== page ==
Dogo knew all this. He had lived so long among men that he knew them better than the wrinkles that furrowed his ash-colored hands. He had traveled extensively, had gone beyond the stormy ocean, there in the land of white-skinned men: this added even more prestige to the halo that his rare hair and his bearded bearded hair gave him. He had seen so many wonders and horrors that his little eyes, red with smoke and alcohol, had weakened considerably. Yet deep in those eyes, it sparked a flash of intelligence and also of malice, especially when he was ready to lavish some of his knowledge with his stories. His grandchildren, knowing him well, spied on that glow to be able to approach it and pester him with questions. In fact, the old Dogo had one characteristic: he didn't tell only to tell. Not! At first he had to ask him a question which he then answered with a story.

     And then not every day he liked to tell: "He who wants to be listened to must know how to moderate his language" used to pronounce. So most of the time he was grouchy

locked in contemplation.

     But that evening, however, the glow in the bottom of his eyes was truly alive and the moon so clear, that the children did not delay in gathering around his deck chair, those crouching, those kneeling or even lying directly on the ground. The most curious of all was certainly Sénam, a boy of about twelve years old, with slightly red curly hair and huge eyes. With his pagne knotted around his neck, his large head tilted to the side, as if it were too heavy for his thin neck, he looked for a while at the old man's parched face as if looking for an answer to a riddle, then abruptly, a request shot from his lips:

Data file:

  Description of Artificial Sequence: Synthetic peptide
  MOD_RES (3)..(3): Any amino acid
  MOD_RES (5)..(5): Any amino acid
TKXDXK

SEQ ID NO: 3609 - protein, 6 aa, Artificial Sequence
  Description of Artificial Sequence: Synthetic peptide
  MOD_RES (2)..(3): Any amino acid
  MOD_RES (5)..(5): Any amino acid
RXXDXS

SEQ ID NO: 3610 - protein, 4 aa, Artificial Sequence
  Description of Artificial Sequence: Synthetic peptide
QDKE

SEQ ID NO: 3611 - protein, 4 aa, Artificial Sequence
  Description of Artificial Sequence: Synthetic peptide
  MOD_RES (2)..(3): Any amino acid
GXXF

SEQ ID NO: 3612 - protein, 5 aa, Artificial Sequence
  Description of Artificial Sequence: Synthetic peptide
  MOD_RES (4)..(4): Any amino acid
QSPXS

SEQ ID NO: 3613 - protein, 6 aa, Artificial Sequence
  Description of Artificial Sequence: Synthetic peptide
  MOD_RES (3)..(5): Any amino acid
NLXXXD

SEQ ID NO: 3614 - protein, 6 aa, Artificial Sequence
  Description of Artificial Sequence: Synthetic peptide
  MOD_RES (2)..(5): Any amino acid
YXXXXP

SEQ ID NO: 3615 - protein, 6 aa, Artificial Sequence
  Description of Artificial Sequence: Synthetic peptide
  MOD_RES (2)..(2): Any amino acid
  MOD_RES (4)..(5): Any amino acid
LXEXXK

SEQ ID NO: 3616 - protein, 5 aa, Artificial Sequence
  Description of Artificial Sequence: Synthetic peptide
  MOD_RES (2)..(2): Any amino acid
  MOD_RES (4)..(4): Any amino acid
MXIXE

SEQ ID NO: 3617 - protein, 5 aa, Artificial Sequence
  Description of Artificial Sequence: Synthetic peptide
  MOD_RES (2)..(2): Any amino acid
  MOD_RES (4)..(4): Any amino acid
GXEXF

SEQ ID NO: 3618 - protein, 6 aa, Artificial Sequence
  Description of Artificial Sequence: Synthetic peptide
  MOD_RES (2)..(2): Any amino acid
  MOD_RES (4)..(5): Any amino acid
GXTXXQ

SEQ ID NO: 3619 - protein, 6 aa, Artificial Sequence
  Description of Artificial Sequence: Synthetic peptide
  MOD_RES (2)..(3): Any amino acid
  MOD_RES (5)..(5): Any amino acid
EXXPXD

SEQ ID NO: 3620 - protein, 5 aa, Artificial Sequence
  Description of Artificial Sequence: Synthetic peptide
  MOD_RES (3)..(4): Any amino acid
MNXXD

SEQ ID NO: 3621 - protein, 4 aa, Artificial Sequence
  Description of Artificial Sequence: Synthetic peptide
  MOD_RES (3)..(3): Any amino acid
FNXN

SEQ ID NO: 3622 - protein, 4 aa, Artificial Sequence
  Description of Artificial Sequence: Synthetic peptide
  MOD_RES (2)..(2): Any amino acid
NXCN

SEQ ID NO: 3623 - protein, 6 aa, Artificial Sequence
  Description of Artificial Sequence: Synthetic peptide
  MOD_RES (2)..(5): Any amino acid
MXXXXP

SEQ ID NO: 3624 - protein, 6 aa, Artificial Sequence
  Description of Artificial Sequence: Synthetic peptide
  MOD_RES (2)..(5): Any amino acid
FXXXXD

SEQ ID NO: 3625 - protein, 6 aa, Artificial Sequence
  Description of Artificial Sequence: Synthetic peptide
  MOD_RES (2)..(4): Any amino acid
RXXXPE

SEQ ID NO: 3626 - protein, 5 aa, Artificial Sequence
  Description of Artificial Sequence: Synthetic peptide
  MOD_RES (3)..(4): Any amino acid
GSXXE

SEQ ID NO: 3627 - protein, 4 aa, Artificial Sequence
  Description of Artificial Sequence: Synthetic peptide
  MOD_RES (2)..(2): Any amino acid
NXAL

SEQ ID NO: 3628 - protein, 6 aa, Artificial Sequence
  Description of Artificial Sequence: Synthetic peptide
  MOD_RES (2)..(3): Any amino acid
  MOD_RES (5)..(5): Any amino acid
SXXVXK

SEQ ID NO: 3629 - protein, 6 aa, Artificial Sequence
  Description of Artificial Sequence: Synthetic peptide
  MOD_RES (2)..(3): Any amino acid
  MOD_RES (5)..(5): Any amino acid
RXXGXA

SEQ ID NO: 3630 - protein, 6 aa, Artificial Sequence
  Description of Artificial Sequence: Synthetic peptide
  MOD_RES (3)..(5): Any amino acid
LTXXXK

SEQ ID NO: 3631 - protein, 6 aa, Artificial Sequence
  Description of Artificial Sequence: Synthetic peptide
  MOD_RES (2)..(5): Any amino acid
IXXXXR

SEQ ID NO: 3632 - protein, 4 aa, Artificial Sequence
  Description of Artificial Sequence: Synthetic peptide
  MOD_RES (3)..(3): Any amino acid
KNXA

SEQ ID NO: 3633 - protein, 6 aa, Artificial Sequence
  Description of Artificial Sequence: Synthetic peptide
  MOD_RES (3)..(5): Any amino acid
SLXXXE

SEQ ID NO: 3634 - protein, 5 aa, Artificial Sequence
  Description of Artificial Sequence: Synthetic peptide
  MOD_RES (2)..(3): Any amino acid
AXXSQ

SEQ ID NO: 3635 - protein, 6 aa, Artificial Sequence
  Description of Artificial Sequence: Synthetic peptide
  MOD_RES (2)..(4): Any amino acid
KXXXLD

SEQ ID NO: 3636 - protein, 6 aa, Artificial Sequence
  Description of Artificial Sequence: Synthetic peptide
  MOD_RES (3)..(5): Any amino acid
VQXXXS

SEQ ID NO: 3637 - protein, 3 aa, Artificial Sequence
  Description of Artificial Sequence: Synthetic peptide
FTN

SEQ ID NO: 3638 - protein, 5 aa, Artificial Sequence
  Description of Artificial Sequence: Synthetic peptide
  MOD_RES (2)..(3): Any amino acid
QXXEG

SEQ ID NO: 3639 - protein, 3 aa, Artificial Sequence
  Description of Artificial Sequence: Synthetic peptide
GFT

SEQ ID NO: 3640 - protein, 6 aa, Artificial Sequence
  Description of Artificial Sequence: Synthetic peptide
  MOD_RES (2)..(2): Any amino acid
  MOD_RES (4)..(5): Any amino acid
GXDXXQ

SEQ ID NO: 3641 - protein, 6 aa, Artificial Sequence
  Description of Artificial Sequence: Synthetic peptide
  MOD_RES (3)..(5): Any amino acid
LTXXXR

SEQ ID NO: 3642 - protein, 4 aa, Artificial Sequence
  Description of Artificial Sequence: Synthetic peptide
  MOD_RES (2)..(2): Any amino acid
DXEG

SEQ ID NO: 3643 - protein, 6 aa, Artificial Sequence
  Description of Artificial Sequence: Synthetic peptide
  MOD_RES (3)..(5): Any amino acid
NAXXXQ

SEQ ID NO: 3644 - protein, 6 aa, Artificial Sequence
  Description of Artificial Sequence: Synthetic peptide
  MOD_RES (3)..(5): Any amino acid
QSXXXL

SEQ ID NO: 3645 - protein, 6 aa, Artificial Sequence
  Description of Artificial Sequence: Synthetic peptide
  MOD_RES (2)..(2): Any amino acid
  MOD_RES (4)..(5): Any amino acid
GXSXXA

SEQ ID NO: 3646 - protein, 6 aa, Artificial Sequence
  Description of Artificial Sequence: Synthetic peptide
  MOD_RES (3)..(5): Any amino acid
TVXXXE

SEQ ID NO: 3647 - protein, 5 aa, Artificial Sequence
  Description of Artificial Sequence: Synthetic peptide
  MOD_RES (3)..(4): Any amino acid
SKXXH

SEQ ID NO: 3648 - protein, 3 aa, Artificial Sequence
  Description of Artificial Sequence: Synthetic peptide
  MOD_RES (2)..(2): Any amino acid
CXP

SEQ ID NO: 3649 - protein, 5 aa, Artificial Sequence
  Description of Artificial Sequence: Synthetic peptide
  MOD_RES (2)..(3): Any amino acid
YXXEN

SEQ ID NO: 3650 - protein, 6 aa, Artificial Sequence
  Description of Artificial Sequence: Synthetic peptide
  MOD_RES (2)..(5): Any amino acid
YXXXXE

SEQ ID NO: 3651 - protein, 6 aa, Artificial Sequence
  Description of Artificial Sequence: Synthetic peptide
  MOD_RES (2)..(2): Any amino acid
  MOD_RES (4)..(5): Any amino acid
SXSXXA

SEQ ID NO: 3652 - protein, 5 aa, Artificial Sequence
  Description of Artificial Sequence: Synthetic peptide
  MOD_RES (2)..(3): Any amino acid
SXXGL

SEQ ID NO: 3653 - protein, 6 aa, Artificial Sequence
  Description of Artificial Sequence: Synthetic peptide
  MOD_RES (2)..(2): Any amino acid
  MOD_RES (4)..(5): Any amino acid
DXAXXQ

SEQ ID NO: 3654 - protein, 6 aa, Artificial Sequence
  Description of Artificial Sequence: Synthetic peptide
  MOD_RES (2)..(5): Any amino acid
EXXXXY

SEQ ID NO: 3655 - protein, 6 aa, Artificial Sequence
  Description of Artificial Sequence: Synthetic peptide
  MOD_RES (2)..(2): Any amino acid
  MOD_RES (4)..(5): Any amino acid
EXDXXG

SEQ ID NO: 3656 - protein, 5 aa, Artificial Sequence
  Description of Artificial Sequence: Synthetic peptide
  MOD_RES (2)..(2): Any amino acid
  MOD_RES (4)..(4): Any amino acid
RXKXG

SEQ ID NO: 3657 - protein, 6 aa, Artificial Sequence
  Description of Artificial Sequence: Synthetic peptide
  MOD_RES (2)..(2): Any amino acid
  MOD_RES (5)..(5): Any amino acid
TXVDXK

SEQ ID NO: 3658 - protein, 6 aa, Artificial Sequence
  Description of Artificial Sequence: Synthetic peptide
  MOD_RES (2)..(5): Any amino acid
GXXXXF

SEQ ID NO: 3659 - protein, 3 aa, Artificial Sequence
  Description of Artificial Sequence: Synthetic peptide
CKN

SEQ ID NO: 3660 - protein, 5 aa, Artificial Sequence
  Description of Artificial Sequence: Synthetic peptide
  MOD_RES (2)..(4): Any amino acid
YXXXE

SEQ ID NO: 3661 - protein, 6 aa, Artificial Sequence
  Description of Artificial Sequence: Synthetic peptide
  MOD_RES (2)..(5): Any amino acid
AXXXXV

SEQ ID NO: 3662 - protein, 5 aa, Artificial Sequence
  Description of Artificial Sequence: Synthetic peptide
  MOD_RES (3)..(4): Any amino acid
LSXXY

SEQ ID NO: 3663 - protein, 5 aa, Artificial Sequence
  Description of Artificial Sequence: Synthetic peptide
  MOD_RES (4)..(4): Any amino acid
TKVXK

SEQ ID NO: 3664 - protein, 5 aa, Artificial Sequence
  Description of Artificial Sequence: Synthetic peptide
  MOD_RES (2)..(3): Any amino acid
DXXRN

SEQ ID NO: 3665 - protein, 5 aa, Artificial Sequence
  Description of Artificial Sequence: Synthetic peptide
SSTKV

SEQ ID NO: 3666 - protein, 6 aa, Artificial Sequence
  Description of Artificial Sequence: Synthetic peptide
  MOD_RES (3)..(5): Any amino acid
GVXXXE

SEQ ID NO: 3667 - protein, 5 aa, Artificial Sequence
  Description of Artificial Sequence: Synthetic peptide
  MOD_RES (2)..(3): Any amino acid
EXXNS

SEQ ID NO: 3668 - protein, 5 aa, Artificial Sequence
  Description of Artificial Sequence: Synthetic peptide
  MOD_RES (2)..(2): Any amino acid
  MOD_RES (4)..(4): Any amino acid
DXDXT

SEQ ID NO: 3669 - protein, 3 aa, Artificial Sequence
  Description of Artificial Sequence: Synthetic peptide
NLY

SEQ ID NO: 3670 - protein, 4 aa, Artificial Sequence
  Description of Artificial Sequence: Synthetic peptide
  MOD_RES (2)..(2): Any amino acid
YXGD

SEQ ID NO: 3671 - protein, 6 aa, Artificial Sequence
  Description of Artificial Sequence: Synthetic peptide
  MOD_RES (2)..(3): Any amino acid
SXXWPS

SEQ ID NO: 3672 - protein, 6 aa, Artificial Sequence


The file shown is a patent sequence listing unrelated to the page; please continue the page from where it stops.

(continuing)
Togbé (grandfather), please, can I ask you a question?

     What do you want to know?

     What is destiny?

     Why this question?

     Whenever something happens, people always say it's fate. I do not understand. They accuse him especially when an accident occurs, he must be so bad then!

     This is not destiny, son, this is fate, nature.

     I do not understand.

     When sowing corn and harvesting corn, it is fatal, but when sowing corn and the latter grows more or less well according to the conditions of the earth and the season, it is destiny. Both are very close, which is why we tend to

confuse them.

     The boy with the wide open eyes, stared avidly at the old man's face, trying to penetrate the meaning of the words he felt, but he felt the discomfort of his gaze that these explanations did nothing but confuse his mind. The old man, with narrowed eyes, looked at him with an enigmatic smile. He took time to light the pipe, took a look at the hearth where the daughter-in-law was poking the fire under the saucepan which gave off an irresistible scent and said:

     Listen to this rather and understand ... This happened in the days when my father's great-grandfather was still a child. In the reign of King Irbé lived a woman named Kono who traded in fabrics. Not of those fabrics that we buy today and that already fray at the first laundry, but real "Lokpo" hand-woven, rich in colors, which are used from generation to generation without losing anything in beauty and strength.